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The 10/10/10 Rule For Tough Decisions

It's good to sleep on it when there are tough choices to make, but you also need a strategy once you wake up—which is why you should employ the 10/10/10 rule.

It’s easy to lose perspective when we’re facing a thorny dilemma. Blinded by the particulars of the situation, we’ll waffle and agonize, changing our mind from day to day.

Perhaps our worst enemy in resolving these conflicts is short-term emotion, which can be an unreliable adviser. When people share the worst decisions they’ve made in life, they are often recalling choices made in the grip of visceral emotion: anger, lust, anxiety, greed. Our lives would be very different if we had a dozen "undo" buttons to use in the aftermath of these choices.

But we are not slaves to our emotions. Visceral emotion fades. That’s why the folk wisdom advises that when we’ve got an important decision to make, we should sleep on it. It’s sound advice, and we should take it to heart. For many decisions, though, sleep isn’t enough. We need strategy.

One tool we can use was invented by Suzy Welch, a business writer for publications such as Bloomberg Businessweek and O magazine. It’s called 10/10/10, and Welch describes it in a book of the same name. To use 10/10/10, we think about our decisions on three different time frames:

  • How will we feel about it 10 minutes from now?
  • How about 10 months from now?
  • How about 10 years from now?
The three time frames provide an elegant way of forcing us to get some distance on our decisions. Consider a conversation we had with a woman named Annie, who was agonizing about her relationship with Karl. They’d been dating for nine months, and Annie said, "He is a wonderful person and in most ways exactly what I am looking for in a lifelong mate."

She worried, though, that they weren’t moving forward in their relationship. Annie, at 36, wanted to have kids and didn’t feel she had an unlimited amount of time to cultivate her relationship with Karl, who was 45. After nine months, she still hadn’t met Karl’s adopted daughter (from his first marriage), and neither person had told the other, "I love you."

Karl’s divorce had been horrendous, leaving him gun shy about another serious relationship. After the divorce, he’d resolved to keep his daughter separate from his dating life. Annie empathized with him, but it hurt her to have a critical part of his life ruled off-limits to her.

When we talked to Annie, she was about to take her first extended vacation with Karl, a road trip up Highway 1 from Los Angeles to Portland. She wondered whether she should "take the next step" during the trip. She knew that Karl was slow to make decisions. ("He’s been talking about getting a smartphone for like three years.") Should she be the first to say, "I love you"?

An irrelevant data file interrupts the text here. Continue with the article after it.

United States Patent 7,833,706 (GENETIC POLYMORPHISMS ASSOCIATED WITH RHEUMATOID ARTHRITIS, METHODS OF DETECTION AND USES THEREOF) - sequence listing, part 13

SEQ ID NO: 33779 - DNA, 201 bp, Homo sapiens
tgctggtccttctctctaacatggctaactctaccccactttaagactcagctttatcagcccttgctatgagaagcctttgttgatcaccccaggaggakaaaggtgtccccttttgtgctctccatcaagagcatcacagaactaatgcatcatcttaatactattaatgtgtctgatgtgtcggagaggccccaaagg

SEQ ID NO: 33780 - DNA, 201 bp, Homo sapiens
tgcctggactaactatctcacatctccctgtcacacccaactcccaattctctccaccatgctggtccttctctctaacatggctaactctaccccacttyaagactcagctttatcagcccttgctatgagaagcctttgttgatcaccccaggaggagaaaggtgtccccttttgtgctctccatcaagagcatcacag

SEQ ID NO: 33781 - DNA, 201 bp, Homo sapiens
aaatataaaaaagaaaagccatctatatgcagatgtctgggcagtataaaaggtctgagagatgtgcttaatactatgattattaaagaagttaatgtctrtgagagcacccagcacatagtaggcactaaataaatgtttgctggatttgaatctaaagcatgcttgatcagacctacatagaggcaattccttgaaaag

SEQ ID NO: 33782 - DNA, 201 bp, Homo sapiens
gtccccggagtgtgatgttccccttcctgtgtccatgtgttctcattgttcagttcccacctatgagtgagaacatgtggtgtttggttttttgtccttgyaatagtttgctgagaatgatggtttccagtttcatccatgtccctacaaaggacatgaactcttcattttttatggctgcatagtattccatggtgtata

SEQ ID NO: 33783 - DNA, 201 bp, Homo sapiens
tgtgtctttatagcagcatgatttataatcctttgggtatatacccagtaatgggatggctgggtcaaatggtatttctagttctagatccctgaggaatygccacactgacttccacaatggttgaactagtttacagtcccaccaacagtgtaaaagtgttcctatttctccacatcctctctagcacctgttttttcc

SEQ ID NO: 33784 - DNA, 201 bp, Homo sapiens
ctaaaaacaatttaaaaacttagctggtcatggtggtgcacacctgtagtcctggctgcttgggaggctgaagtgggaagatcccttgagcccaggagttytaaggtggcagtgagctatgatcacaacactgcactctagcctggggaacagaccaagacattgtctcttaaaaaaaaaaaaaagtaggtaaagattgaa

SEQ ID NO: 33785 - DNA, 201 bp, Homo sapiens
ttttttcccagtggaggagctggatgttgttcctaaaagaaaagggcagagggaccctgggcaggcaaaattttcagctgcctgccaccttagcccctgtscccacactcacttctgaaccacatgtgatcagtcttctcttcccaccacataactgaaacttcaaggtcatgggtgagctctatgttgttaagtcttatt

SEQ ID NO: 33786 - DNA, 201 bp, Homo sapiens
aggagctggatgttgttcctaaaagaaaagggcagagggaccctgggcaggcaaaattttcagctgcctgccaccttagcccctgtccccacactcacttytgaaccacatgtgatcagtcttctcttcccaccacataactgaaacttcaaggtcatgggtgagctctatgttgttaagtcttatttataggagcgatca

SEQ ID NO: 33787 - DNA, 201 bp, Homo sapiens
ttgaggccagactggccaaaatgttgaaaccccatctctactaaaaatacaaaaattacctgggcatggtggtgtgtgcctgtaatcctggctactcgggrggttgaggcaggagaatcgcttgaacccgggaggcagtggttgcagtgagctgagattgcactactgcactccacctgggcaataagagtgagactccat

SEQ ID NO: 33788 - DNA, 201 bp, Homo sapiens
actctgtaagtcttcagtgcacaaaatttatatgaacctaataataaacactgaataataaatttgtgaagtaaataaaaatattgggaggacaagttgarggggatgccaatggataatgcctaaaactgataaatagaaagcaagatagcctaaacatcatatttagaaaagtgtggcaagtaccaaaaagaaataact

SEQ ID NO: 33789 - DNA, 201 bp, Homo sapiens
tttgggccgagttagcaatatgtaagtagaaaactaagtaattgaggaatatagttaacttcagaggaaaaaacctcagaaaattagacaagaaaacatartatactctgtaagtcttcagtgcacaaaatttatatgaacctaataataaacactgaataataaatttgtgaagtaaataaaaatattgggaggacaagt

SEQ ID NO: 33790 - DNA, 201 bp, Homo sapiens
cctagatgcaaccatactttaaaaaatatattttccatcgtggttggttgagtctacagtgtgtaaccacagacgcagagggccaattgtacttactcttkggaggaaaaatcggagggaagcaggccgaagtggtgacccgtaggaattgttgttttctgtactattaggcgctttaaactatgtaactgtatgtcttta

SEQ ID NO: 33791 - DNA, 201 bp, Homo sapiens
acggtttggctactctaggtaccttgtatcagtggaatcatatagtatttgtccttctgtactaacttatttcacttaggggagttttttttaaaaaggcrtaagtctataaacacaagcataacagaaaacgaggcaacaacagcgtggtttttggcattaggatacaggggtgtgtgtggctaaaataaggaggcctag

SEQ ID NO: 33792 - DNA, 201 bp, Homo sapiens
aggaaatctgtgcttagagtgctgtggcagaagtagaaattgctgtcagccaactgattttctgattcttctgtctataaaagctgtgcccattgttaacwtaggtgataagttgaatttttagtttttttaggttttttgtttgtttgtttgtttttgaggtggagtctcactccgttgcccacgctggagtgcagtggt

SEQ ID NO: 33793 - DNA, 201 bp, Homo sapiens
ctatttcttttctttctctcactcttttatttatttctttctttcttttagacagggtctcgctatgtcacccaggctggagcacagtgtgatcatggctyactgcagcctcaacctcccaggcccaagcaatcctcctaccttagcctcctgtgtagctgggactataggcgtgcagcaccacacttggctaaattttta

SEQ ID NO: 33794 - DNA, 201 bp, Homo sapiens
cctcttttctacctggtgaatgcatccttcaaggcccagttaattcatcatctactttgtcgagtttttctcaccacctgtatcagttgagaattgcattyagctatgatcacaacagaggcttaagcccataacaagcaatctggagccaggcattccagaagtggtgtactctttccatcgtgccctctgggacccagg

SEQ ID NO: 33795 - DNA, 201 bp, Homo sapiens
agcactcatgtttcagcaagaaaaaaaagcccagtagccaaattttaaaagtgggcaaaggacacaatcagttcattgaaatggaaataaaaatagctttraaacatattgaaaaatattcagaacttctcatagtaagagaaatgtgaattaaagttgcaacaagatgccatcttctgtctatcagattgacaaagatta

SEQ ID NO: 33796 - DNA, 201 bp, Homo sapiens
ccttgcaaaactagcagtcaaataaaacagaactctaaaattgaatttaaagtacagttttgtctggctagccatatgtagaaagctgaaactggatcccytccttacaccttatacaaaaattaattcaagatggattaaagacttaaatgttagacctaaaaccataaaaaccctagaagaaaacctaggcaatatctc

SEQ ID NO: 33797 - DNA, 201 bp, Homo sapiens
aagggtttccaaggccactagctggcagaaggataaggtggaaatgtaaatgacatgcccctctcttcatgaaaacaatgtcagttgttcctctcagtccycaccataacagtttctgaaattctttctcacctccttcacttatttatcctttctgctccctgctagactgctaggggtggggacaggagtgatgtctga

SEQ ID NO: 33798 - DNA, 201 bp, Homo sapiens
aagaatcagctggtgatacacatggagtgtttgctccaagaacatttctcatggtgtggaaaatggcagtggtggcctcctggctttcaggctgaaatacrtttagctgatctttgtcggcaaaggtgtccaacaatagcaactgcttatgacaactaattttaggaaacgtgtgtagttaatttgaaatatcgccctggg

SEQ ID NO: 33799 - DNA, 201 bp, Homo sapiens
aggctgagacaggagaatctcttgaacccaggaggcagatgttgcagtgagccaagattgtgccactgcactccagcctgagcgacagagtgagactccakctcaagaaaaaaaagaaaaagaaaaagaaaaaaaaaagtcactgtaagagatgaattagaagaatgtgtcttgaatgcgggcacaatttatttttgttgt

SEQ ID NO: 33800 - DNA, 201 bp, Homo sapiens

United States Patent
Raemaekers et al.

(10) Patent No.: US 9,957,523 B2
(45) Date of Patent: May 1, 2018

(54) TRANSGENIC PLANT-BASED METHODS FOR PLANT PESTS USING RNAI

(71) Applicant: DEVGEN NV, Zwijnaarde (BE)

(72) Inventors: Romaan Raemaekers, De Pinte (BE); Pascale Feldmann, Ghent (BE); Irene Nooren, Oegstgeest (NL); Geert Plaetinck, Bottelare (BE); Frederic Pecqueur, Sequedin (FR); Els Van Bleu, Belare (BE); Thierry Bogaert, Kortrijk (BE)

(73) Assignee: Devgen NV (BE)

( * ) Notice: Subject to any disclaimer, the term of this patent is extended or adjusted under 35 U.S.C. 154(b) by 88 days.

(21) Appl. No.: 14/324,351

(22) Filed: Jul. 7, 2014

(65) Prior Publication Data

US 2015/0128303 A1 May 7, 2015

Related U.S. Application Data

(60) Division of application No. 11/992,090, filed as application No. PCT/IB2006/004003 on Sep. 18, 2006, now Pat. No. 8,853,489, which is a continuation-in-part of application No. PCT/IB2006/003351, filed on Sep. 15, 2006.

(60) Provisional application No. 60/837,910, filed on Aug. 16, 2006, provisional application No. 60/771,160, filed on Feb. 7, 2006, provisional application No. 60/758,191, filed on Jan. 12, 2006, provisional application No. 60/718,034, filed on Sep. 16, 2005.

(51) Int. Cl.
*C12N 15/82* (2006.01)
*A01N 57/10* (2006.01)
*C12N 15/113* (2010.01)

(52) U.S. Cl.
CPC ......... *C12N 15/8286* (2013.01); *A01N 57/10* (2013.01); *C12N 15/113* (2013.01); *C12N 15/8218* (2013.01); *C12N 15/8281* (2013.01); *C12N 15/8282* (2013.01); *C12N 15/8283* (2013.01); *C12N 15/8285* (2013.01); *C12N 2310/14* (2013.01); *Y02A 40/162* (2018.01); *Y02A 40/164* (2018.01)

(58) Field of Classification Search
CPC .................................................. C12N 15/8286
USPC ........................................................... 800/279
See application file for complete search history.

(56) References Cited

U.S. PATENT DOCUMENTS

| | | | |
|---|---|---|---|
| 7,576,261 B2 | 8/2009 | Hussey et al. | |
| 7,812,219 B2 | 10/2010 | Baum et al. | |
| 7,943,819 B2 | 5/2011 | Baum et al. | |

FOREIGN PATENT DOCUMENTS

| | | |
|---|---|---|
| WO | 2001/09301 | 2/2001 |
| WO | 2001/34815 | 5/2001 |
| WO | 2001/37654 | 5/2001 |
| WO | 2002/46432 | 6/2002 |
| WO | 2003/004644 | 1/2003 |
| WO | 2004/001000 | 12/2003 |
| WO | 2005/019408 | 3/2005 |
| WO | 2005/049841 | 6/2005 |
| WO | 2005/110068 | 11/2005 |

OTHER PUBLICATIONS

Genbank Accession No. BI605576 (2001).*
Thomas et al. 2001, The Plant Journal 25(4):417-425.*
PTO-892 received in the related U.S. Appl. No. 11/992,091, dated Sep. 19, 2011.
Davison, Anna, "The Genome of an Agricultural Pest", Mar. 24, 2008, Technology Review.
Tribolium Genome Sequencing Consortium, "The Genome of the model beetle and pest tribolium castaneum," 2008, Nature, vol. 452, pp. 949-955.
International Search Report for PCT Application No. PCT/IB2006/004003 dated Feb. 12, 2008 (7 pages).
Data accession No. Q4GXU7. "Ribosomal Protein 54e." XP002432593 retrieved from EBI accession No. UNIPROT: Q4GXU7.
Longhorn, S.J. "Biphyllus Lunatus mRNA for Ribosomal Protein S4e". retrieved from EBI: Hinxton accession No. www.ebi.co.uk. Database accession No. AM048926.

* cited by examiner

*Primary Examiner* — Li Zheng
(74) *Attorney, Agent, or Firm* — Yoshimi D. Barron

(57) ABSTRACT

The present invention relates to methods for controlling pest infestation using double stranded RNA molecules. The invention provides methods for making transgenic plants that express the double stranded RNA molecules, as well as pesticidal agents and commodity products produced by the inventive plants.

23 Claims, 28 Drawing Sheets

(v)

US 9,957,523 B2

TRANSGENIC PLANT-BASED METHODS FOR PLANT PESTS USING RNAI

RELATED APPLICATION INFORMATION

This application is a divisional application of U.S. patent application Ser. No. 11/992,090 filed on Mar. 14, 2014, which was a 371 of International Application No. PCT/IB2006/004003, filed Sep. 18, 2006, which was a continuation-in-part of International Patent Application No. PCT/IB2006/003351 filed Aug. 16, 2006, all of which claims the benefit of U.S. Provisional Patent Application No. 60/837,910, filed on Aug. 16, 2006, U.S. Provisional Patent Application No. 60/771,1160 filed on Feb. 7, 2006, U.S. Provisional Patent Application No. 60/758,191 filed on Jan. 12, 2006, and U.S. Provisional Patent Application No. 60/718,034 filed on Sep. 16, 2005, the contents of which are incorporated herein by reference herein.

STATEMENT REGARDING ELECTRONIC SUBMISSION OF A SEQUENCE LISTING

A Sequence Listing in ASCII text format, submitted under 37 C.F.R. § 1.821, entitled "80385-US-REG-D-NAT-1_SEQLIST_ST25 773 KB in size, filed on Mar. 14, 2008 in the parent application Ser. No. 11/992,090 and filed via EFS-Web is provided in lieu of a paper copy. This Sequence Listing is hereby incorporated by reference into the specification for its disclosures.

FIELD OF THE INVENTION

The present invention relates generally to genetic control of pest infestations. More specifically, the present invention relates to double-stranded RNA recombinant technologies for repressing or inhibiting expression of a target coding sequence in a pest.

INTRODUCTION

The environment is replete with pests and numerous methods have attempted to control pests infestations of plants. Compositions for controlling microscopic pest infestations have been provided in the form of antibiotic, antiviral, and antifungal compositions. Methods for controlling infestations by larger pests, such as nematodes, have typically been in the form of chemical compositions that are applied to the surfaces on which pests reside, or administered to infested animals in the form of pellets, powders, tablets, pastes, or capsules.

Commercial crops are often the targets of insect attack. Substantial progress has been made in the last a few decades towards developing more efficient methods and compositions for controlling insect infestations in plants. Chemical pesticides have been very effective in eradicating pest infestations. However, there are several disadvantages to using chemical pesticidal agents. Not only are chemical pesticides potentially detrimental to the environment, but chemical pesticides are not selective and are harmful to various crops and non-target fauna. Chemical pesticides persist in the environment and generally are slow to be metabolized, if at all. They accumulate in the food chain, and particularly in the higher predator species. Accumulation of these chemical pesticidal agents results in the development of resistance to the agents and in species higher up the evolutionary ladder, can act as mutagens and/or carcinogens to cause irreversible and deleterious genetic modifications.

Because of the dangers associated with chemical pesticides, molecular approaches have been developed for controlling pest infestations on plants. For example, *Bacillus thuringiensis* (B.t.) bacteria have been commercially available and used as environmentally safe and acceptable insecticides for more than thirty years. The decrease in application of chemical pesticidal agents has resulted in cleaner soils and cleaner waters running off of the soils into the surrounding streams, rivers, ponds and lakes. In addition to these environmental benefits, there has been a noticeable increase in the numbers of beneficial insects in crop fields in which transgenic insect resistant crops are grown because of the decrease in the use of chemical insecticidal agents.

We asked Annie to try the 10/10/10 framework. Imagine that you resolve right now to tell him, this weekend, that you love him. How would you feel about that decision 10 minutes from now? "I think I’d be nervous but proud of myself for taking the risk and putting myself out there."

How would you feel about it 10 months from now? "I don’t think I’ll regret this. I don’t. I mean, obviously, I really would like this to work. I think he’s great. Nothing ventured, nothing gained, right?"

How about 10 years from now? Annie said that, regardless of how he’d reacted, it probably wouldn’t matter very much after a decade. By then they’d either be happily together or she would be in a happy relationship with someone else.

So notice that, according to 10/10/10, this is a pretty easy decision:

Annie should take the initiative. She’d be proud of herself for doing it, and she doesn’t think she’d regret it, even if the relationship ultimately didn’t work out. But without consciously doing the 10/10/10 analysis, it didn’t feel like an easy decision. Those short-term emotions—nervousness, fear, and the dread of a negative response—were a distraction and a deterrent.
We followed up with Annie a few months later to see what had happened on the road trip, and she e-mailed the following:

"I did say "I love you" first. I am definitely trying to change the situation and feel less in limbo about things... Karl hasn’t yet said he loves me too, but he’s making progress overall (in terms of getting closer to me, being vulnerable, etc.), and I do believe that he loves me and just needs a bit more time to get over his fear of saying it back. I’m glad that I took the risk and won’t regret it even if things don’t ultimately work out with Karl. I’d say it’s about 80/20 odds right now that Karl and I will stay together past the end of this summer."

10/10/10 helps to level the emotional playing field. What we’re feeling now is intense and sharp, while the future feels fuzzier. That discrepancy gives the present too much power, because our present emotions are always in the spotlight. 10/10/10 forces us to shift our spotlights, asking us to imagine a moment 10 months into the future with the same "freshness" that we feel in the present.

That shift can help us to keep our short-term emotions in perspective. It’s not that we should ignore our short-term emotions; often they are telling us something useful about what we want in a situation. But we should not let them be the boss of us.

Of course, we don’t check our emotions at the door of the office; the same emotion rebalancing is necessary at work. If you’ve been avoiding a difficult conversation with a coworker, then you’re letting short-term emotion rule you. If you commit to have the conversation, then 10 minutes from now you’ll probably be anxious, but 10 months from now, won’t you be glad you did it? Relieved? Proud?

If you’ve been chasing a hotshot job candidate, 10 minutes after you decide to extend an offer, you might feel nothing but excitement; 10 months from now, though, will you regret the pay package you’re offering her if it makes other employees feel less appreciated? And 10 years from now, will today’s hotshot have been flexible enough to change with your business?